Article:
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  • Seeing & Hearing Anew on Theater of a two-Headed Calf's Drum of the Waves of Horikawa
  • Ellie M. Hisama (bio)

A song, as distinct from the bodies it takes over, is unfixed in time and place. … A song while filling the present hopes to reach a listening ear in some future somewhere. It leans forward, further and further. Without the persistence of this hope, songs, I believe, would not exist. Songs lean forward.

—John Berger1

Experiencing the Theater of a Two-headed Calf's dazzling reading of Chikamatsu's Drum of the Waves of Horikawa (1707) was a revelation. In viewing representations by white Americans of Asian theater and artistic practices, my everpresent concern about practices of postorientalist domination continuing unabated into the twenty-first century in new manifestations and altered forms was immediately allayed by this illuminating and unflinching production.2

Director Brooke O'Harra and composer and sound artist Brendan Connelly approach [End Page 79] Chikamatsu's text—first staged in 1707—as a living document, one that can be molded and modernized rather than frozen and fetishized, held sacred and untouchable.3 O'Harra brings together kabuki and punk in retelling the centuries-old tale of Otane, a woman who is assaulted by the samurai Eesogay Yougayman [Isobe Yukaemon in Chikamatsu's play] while her husband, the samurai Ogah Hecouldkillyou [Ogura Hikokurō], is in service at Edo. She notes:

[W]e actually build all of our dance movements; like our kabuki movement in our play right now Drum of the Waves of Horikawa is actually taken off YouTube. Everything is directly gleaned from YouTube. So it's all of this old footage of The Slits and then we pull out what looks formal and what looks like kabuki and it looks like everyone's doing kabuki, but our source material is all from YouTube. So we're not making up any of our moves and we're not inventing kabuki.4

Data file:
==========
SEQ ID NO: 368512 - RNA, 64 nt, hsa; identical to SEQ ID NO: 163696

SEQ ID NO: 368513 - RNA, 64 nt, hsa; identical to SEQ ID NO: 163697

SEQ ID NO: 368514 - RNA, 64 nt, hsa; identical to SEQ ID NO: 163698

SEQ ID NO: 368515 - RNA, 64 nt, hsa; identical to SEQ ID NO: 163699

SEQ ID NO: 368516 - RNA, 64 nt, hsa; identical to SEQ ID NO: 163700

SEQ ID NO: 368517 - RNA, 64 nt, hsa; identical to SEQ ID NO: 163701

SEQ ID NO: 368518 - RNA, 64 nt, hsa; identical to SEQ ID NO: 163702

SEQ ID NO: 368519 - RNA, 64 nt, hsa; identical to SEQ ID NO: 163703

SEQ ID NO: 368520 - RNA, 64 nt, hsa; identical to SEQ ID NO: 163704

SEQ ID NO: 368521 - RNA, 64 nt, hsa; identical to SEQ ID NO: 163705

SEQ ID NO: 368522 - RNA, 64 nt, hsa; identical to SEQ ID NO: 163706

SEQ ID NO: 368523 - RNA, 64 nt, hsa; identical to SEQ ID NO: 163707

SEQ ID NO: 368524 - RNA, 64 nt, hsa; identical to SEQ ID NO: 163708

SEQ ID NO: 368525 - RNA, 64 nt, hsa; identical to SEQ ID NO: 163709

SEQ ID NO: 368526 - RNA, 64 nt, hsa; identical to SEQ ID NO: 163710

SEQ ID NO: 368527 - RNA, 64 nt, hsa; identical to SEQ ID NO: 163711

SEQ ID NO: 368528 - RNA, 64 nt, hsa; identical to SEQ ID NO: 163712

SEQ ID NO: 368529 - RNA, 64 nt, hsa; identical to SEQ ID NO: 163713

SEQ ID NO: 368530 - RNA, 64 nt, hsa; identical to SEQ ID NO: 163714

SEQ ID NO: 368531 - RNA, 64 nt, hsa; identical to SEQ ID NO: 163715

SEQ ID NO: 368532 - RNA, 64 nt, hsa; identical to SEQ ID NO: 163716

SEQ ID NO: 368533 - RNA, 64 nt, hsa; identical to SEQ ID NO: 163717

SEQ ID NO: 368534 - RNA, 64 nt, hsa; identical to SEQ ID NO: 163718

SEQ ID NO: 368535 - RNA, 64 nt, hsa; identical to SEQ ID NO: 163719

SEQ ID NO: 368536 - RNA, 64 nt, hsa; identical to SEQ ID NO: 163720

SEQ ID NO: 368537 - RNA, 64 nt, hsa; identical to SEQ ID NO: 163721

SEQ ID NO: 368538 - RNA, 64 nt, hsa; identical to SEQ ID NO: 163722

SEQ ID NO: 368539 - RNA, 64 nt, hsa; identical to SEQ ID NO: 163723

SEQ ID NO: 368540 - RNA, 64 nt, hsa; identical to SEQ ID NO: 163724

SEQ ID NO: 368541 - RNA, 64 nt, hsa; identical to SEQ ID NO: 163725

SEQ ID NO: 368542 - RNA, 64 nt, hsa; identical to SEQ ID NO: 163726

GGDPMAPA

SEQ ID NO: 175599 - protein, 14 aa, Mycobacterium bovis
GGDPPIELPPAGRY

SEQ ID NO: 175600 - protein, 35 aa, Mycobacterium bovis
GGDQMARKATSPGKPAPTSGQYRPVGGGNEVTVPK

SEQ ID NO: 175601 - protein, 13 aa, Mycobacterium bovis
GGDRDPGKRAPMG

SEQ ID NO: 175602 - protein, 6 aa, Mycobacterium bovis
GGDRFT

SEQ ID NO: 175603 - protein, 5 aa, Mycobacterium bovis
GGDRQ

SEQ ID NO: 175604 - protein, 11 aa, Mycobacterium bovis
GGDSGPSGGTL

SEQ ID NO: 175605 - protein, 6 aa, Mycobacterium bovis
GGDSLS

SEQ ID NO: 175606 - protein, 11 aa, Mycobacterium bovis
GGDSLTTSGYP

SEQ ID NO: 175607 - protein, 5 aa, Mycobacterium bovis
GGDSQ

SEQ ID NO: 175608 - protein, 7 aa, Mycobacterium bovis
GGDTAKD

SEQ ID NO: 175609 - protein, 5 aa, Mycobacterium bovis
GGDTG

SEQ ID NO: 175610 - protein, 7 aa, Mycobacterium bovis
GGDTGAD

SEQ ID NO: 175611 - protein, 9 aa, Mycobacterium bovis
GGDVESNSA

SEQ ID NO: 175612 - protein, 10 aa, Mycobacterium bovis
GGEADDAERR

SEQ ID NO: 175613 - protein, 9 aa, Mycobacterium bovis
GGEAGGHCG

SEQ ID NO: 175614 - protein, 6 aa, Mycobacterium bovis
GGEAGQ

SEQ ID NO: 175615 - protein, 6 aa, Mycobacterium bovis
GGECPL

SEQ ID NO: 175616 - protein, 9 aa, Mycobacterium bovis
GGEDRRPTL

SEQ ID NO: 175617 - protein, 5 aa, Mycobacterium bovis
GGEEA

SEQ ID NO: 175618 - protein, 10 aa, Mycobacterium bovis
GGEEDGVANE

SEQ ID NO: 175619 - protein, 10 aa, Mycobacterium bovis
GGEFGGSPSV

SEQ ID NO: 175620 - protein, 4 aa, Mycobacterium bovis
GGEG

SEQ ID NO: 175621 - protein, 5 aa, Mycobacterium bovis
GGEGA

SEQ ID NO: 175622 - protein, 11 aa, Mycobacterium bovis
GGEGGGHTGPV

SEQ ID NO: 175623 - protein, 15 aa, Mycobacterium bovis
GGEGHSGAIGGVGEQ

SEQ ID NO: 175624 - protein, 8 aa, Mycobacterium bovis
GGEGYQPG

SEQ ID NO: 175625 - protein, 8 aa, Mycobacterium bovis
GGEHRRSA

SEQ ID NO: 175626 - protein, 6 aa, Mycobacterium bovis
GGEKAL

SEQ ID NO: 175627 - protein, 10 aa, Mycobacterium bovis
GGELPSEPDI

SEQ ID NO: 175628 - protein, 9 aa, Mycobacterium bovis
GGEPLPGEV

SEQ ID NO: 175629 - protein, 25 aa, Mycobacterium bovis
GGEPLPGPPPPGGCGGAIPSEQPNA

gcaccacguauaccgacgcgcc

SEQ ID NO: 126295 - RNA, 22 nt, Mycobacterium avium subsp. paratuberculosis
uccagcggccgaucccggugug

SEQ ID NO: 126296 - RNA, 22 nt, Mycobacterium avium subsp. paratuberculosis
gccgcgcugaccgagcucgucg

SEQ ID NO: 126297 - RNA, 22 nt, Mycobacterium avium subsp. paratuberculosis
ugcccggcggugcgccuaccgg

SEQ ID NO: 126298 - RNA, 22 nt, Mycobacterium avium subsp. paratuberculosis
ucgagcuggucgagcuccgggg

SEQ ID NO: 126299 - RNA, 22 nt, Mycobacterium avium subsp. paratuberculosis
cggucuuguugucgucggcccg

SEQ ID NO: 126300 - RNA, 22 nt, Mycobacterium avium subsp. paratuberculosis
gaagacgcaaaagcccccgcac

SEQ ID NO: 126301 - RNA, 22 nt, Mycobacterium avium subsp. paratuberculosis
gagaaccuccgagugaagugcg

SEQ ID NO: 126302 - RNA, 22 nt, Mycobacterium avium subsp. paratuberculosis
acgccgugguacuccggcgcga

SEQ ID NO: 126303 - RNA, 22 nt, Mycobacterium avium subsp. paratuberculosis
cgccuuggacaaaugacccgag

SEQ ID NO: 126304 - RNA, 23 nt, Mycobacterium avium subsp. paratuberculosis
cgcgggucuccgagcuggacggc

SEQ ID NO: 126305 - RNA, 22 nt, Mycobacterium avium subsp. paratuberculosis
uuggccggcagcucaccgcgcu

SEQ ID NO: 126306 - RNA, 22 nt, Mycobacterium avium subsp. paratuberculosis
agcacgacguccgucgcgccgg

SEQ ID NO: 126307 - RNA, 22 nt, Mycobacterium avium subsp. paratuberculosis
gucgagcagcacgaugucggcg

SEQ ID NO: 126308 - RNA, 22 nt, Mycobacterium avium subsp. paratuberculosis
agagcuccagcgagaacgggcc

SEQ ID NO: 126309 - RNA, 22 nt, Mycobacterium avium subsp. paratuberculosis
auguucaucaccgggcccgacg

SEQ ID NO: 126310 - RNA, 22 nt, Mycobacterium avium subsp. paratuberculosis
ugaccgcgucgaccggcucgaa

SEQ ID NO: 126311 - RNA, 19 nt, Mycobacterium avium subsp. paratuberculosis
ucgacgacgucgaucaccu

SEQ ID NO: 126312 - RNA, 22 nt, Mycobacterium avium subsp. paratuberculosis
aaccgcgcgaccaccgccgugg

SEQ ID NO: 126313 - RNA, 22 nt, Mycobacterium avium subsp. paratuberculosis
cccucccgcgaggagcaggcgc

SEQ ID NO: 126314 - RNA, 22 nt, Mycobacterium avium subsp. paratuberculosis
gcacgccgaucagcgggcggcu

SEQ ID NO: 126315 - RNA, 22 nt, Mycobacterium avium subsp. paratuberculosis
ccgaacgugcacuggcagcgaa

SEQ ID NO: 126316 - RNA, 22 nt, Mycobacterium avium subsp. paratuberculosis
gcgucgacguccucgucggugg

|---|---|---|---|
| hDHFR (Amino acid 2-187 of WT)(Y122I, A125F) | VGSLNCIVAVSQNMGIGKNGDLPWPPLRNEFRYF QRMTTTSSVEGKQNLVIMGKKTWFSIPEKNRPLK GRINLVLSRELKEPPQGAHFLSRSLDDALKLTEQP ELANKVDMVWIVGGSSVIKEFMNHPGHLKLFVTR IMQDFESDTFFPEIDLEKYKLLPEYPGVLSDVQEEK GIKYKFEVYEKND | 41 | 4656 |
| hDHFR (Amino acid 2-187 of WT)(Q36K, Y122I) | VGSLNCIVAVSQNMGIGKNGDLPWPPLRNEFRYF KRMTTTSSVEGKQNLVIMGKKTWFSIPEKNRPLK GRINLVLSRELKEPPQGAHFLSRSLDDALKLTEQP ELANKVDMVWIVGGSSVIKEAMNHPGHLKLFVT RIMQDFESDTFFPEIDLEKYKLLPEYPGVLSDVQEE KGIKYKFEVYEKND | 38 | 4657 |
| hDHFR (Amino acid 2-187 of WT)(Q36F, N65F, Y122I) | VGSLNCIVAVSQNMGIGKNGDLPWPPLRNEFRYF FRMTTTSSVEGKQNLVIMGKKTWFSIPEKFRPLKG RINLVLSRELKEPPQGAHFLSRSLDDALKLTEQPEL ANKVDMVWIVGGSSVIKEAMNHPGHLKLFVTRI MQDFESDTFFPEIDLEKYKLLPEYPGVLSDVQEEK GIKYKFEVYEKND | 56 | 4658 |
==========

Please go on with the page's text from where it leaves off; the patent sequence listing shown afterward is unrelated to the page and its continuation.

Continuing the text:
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Figure 1.

Otane (Heidi Schreck) and her sister Ofuji (Tatiana Pavela) doing the laundry. With the maid (Laryssa Husiak) narrating. From Brooke O'Harra, Drum of the Waves of Horikawa (2007). Photo by Nina Hoffmann. Image courtesy of the artist.

Two-headed Calf's production is forged from many disparate elements: footage of punk and rock concert performances; dialogue from some of Preston Sturges's films from the 1940s (Hail the Conquering Hero and The Lady Eve) interposed in Chikamatsu's text; and white actors dressed in a mix of modern [End Page 80] and traditional garb (Otane wears a modified yukata with a mini-kilt, stockings, and thigh-high boots). Connelly's score for two drum sets, electric bass, keyboards, and voice provides a rich resource for the drama. Written as 360 "boxes of scores," or a collection of notes that could be performed as needed according to the movement on stage,5 the music can be stretched out as a vamp according to the timing of the actor, pushed and pulled in dialogue with the live stage action. Alternately anxious, confident, jaunty, propulsive, and dark-hued, the score precisely matches the production's modern texture.

O'Harra's work on Drum of the Waves of Horikawa evoked for me Agnés Varda's conception of artistic gleaning. In discussing her film Les Glaneurs et la Glaneuse [The Gleaners and I], in which she collects stories and images of gleaners at work picking up and recycling various objects, Varda observes, "there's another kind of gleaning, which is artistic gleaning. You pick ideas, you pick images, you pick emotions from other people, and then you make it into a film."6 From a collection of variegated materials, O'Harra deftly stitches together a distinctly feminist enactment of the play, one that allows the audience to view critically the brutality of the sexual violence Otane experiences while she was intoxicated. In their portrayal of Yougayman's assault of Otane and, in its aftermath, the swift closing in of Otane's world, Two-headed Calf joins other feminist dramatic productions of resistance depicting sexual violence on stage.7

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Figures 2 and...


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pp. 79-84
Launched on MUSE
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